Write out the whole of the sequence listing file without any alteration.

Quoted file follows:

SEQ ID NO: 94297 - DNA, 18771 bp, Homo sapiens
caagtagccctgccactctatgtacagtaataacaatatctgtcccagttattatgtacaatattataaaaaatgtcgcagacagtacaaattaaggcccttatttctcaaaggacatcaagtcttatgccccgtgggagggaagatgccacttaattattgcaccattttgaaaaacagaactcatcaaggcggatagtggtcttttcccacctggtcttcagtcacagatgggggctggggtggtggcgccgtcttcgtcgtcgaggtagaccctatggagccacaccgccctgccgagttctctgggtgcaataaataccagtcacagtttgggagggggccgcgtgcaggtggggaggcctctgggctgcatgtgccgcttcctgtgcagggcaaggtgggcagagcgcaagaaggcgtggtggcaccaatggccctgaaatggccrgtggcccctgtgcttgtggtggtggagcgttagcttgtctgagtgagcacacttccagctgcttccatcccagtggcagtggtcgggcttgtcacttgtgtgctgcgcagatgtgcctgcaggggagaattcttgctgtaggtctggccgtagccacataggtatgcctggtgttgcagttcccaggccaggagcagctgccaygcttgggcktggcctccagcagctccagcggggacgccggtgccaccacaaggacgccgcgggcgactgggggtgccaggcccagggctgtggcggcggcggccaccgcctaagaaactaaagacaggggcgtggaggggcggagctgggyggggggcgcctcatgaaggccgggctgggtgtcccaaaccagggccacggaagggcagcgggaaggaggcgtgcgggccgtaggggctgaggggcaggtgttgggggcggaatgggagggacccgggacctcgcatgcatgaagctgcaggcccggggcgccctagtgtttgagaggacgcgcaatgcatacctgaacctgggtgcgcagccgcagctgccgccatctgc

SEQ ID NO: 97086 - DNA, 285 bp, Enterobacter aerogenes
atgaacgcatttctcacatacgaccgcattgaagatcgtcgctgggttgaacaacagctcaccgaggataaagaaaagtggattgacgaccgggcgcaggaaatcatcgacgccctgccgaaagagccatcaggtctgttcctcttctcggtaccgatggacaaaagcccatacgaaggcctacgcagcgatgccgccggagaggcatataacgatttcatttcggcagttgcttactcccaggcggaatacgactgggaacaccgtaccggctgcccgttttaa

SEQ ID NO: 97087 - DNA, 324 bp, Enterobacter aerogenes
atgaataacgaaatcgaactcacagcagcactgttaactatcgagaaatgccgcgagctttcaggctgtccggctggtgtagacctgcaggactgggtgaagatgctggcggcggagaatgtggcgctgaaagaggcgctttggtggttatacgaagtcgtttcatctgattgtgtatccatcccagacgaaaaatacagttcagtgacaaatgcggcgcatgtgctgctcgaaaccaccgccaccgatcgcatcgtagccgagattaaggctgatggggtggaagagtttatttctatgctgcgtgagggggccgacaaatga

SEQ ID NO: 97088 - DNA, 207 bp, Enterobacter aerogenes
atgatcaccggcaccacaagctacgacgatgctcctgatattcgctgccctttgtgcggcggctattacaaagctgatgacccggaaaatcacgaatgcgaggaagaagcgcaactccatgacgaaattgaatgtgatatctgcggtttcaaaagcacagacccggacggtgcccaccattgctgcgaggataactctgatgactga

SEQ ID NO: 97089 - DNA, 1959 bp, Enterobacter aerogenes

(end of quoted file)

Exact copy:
SEQ ID NO: 94297 - DNA, 18771 bp, Homo sapiens
caagtagccctgccactctatgtacagtaataacaatatctgtcccagttattatgtacaatattataaaaaatgtcgcagacagtacaaattaaggcccttatttctcaaaggacatcaagtcttatgccccgtgggagggaagatgccacttaattattgcaccattttgaaaaacagaactcatcaaggcggatagtggtcttttcccacctggtcttcagtcacagatgggggctggggtggtggcgccgtcttcgtcgtcgaggtagaccctatggagccacaccgccctgccgagttctctgggtgcaataaataccagtcacagtttgggagggggccgcgtgcaggtggggaggcctctgggctgcatgtgccgcttcctgtgcagggcaaggtgggcagagcgcaagaaggcgtggtggcaccaatggccctgaaatggccrgtggcccctgtgcttgtggtggtggagcgttagcttgtctgagtgagcacacttccagctgcttccatcccagtggcagtggtcgggcttgtcacttgtgtgctgcgcagatgtgcctgcaggggagaattcttgctgtaggtctggccgtagccacataggtatgcctggtgttgcagttcccaggccaggagcagctgccaygcttgggcktggcctccagcagctccagcggggacgccggtgccaccacaaggacgccgcgggcgactgggggtgccaggcccagggctgtggcggcggcggccaccgcctaagaaactaaagacaggggcgtggaggggcggagctgggyggggggcgcctcatgaaggccgggctgggtgtcccaaaccagggccacggaagggcagcgggaaggaggcgtgcgggccgtaggggctgaggggcaggtgttgggggcggaatgggagggacccgggacctcgcatgcatgaagctgcaggcccggggcgccctagtgtttgagaggacgcgcaatgcatacctgaacctgggtgcgcagccgcagctgccgccatctgc

SEQ ID NO: 97086 - DNA, 285 bp, Enterobacter aerogenes
atgaacgcatttctcacatacgaccgcattgaagatcgtcgctgggttgaacaacagctcaccgaggataaagaaaagtggattgacgaccgggcgcaggaaatcatcgacgccctgccgaaagagccatcaggtctgttcctcttctcggtaccgatggacaaaagcccatacgaaggcctacgcagcgatgccgccggagaggcatataacgatttcatttcggcagttgcttactcccaggcggaatacgactgggaacaccgtaccggctgcccgttttaa

SEQ ID NO: 97087 - DNA, 324 bp, Enterobacter aerogenes
atgaataacgaaatcgaactcacagcagcactgttaactatcgagaaatgccgcgagctttcaggctgtccggctggtgtagacctgcaggactgggtgaagatgctggcggcggagaatgtggcgctgaaagaggcgctttggtggttatacgaagtcgtttcatctgattgtgtatccatcccagacgaaaaatacagttcagtgacaaatgcggcgcatgtgctgctcgaaaccaccgccaccgatcgcatcgtagccgagattaaggctgatggggtggaagagtttatttctatgctgcgtgagggggccgacaaatga

SEQ ID NO: 97088 - DNA, 207 bp, Enterobacter aerogenes
atgatcaccggcaccacaagctacgacgatgctcctgatattcgctgccctttgtgcggcggctattacaaagctgatgacccggaaaatcacgaatgcgaggaagaagcgcaactccatgacgaaattgaatgtgatatctgcggtttcaaaagcacagacccggacggtgcccaccattgctgcgaggataactctgatgactga

SEQ ID NO: 97089 - DNA, 1959 bp, Enterobacter aerogenes